|If OPEC members relied solely on energy revenues.|
The upshot of it all is that it's a highest-stakes game of chicken between Saudi Arabia--not really "OPEC"--and the US shale producers. The Saudi's gambit is to not restrict OPEC production in the expectation that, at current price levels, many shale operators will become uneconomic--especially if prices remain as they are now for a protracted period:
Then there’s Saudi Arabia, which is still at the wheel of OPEC as its top producer. The Saudis still enjoy some of the lowest production costs in the world, so they can sustain a much lower price and still not worry about financing themselves. That’s a luxury many OPEC members don’t have. Venezuela, Iran, Iraq, Libya, and even Russia all need oil prices higher than $100 a barrel to keep their deficits in check.As with the earlier blog post, the thing Saudi Arabia must do is keep OPEC members with higher breakeven costs in line as they keep haranguing Saudi Arabia for reduced output. Ironically, attempting to squeeze shale producers is more likely to put the squeeze on fellow OPEC members with higher production costs than the Americans using new technologies.
Right now the Saudis are a lot less worried about the budget deficits of their fellow oil exporters as they are about what’s happening in North Dakota and Texas. The biggest threat to the power the Saudis have wielded as the de-facto head of OPEC for the past 30 years isn’t cheap oil; it’s the 9 million barrels a day coming out of the U.S. The Saudis would much rather play a game of chicken with U.S. producers than bow to the wishes of Iran, which they’re in no hurry to accommodate given their disagreements over the Assad regime in Syria, not to mention Iran’s burgeoning alliance with Iraq.
For decades Saudi Arabia has been the preferred partner of the U.S. in the Middle East. At the heart of that partnership was America’s clear dependence on Saudi Arabia for its oil. But that dependence has diminished significantly over the past few years as U.S. refiners have substituted oil from the shale boom for imported oil.
That said, nations with few other sources of revenue will likely persist for much longer than highly leveraged shale producers--or at least that's the reading of Saudi Arabia:
At $100 a barrel, the average oil company can generate net income on the order of $15 a barrel. But as prices fall, this margin evaporates quickly. A decline of $10 to $90 leaves a margin of only $5, that means profits plunge 66%. Thus, at current prices, the average oil company won’t be profitable at all, and the weaker ones, loaded up with debt, are the walking dead. A perfect example is Goodrich Petroleum GDP -6.41%, which announced some big new discoveries in the Tuscaloosa Marine Shale. While the oil may be there, “the play is not economic at current oil prices,” wrote Cowen & Co. analyst Christopher Walling yesterday, adding that “liquidity is a growing concern.” Goodrich shares are down 70% in six months...UPDATE 1: Reuters has estimates from various financial researchers on breakeven prices for American shale producers. As you can see, we are well below the weighted average breakeven point already with WTI crude's spot price now under $70. So, it's game on for Saudi Arabia and the US-based prospectors they wish to drive out of business:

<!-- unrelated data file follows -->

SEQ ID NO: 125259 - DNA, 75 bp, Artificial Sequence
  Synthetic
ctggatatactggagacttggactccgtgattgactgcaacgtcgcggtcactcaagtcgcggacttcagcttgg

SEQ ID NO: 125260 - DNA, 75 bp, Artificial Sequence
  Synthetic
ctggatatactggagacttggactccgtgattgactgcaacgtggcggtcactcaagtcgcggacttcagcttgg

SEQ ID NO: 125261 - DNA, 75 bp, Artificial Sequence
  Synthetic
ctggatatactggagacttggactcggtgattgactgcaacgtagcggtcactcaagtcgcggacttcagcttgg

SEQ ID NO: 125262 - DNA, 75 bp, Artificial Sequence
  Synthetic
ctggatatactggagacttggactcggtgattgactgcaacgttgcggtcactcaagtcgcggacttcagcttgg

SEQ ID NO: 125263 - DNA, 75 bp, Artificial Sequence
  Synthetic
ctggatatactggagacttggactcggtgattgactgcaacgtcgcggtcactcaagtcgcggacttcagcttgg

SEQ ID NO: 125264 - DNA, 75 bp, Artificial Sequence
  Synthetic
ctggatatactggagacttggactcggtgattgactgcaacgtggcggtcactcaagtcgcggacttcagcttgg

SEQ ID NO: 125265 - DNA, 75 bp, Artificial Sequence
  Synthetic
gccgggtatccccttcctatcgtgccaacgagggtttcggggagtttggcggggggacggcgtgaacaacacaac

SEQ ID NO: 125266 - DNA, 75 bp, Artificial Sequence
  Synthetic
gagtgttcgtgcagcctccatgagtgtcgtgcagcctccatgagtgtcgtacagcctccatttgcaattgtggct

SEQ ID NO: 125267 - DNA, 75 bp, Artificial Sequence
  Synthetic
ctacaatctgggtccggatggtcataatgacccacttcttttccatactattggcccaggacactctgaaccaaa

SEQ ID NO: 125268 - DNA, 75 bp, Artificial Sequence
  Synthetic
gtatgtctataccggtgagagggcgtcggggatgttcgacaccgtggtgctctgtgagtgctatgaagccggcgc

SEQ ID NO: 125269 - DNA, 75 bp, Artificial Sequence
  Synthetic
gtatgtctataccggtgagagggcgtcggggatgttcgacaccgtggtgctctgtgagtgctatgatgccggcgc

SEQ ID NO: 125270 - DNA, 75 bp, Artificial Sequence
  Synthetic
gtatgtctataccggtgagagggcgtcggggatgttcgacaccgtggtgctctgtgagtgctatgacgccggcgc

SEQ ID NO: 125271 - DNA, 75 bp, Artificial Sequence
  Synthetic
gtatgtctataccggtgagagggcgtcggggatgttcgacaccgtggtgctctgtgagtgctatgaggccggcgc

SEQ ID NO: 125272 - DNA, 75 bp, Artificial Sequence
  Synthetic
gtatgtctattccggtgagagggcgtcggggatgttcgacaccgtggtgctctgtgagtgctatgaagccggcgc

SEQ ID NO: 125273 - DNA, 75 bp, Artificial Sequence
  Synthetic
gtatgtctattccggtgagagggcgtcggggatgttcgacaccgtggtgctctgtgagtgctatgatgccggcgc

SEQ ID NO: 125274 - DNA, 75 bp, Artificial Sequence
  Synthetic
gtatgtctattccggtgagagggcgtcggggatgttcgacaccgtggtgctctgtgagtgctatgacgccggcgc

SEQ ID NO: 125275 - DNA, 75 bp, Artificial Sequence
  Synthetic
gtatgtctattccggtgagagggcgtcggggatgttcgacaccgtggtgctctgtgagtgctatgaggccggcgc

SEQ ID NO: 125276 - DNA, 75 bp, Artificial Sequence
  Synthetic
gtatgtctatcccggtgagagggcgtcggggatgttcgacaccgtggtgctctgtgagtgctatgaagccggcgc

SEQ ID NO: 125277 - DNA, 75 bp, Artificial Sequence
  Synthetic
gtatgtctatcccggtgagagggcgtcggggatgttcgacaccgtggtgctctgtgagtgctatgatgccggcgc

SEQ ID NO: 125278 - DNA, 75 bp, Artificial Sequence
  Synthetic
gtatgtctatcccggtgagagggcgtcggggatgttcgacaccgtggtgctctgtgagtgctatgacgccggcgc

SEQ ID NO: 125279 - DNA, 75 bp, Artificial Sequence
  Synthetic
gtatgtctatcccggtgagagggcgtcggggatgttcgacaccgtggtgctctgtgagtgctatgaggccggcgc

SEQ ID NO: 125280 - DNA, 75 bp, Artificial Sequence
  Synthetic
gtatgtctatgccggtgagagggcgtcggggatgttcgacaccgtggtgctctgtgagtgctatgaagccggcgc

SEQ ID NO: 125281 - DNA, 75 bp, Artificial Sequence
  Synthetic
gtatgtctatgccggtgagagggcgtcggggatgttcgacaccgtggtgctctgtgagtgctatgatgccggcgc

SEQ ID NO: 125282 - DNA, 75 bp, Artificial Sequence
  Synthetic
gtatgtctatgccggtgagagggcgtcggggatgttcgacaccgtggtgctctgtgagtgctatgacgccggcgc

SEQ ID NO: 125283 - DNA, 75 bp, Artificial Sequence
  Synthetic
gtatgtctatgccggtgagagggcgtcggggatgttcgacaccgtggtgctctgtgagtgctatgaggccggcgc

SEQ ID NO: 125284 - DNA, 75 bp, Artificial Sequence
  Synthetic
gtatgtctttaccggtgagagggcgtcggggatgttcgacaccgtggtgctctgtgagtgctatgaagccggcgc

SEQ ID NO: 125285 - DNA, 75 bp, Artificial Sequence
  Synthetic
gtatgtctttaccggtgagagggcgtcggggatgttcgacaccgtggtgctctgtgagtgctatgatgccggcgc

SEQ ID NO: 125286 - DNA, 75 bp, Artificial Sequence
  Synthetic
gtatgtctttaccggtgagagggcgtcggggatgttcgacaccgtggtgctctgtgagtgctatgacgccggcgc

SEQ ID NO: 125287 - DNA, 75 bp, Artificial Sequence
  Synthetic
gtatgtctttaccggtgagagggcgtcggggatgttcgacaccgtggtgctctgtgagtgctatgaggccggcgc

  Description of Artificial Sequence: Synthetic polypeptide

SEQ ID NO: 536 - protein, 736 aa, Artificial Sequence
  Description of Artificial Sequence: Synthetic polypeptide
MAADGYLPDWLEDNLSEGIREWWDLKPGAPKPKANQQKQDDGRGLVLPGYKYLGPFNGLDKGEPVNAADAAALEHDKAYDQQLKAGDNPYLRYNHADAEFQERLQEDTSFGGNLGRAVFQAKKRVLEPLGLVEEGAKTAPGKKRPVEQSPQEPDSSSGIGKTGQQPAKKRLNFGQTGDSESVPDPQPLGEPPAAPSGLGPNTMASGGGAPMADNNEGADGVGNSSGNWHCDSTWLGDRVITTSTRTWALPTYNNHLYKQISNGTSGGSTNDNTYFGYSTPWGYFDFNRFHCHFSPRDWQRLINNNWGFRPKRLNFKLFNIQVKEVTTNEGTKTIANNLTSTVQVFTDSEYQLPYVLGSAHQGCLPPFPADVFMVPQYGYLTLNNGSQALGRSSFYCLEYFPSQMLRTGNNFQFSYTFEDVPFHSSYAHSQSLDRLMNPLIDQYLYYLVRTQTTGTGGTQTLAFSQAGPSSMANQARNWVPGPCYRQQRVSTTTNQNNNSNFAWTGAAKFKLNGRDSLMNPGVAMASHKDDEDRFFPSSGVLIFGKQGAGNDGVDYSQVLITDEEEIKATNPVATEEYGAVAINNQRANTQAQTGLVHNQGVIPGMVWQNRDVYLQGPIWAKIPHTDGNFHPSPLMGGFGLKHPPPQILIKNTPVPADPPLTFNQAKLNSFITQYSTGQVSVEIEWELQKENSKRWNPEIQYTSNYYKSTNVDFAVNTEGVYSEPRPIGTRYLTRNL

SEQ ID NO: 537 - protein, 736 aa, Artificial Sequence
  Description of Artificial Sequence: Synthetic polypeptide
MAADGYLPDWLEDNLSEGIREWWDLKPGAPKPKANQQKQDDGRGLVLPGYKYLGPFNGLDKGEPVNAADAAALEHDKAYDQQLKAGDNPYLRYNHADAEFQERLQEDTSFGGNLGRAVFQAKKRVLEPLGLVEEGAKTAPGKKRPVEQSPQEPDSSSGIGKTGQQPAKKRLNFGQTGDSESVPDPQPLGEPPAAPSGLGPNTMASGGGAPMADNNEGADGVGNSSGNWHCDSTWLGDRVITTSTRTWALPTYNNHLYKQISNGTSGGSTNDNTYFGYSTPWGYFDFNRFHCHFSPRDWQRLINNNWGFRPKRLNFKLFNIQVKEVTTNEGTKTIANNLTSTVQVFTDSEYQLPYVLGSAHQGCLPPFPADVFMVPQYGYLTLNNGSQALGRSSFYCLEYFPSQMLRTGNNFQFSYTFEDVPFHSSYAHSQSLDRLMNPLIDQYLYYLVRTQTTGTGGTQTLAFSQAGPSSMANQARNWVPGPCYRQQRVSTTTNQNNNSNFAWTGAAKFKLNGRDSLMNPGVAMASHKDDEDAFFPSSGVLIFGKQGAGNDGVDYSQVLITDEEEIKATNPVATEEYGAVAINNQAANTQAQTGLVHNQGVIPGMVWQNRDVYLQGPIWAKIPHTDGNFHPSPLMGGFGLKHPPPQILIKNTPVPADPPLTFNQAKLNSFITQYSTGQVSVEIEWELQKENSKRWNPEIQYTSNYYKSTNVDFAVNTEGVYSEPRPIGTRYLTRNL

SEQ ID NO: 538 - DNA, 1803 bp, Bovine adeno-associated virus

So who’s in the worst shape? The companies with a combination of high debt, high costs and relatively poor acreage, like Goodrich. Another early casualty could be Swift Energy, which has piled up $1.2 billion in debt in recent years to drill high-cost wells on marginal acreage. Swift’s investors are clamoring for change as shares have plunged 50% this year. Swift’s net debt has climbed to more than 3 times estimated 2014 EBITDA, or more than 80% of enterprise value.
According to data from U.S. Capital Advisors, other operators with high leverage that are living well outside their means include SandRidge, which has debt of 2.6 times EBITDA and 51% of enterprise value; EXCO Resources XCO -7.95% with debt 4.3 times EBITDA and 83% of enterprise value; and Magnum Hunter Resources MHR -4.38%, with debt 4.8 times EBITDA and 38% of enterprise value.
ROBERT W. BAIRD EQUITY RESEARCH (Oct. 14) "We estimate $73 as the weighted average breakeven point for U.S. supply." SHALE FIELD BREAKEVEN OIL PRICE PER BARREL Eagle Ford Liquids Rich $53 Wolfcamp North Midland $57 Bakken Core $61 Niobrara Extension $64 Eagle Ford Oil $65 Niobrara Core $68 Wolfcamp South Midland $75 Bakken Non Core $75 Texas Panhandle $81 Mississippi Lime $84 Barnett Combo $93Bottom line - don't be surprised to see marginal shale producers driven out of business. Namely, those which are highly leveraged and have smaller plots whose reserves are harder to extract.
UPDATE 2: Tim Mullaney of MarketWatch argues that while there are marginal US shale producers, the production costs of larger firms are rather low, making Saudi Arabia's gambit a dubious one.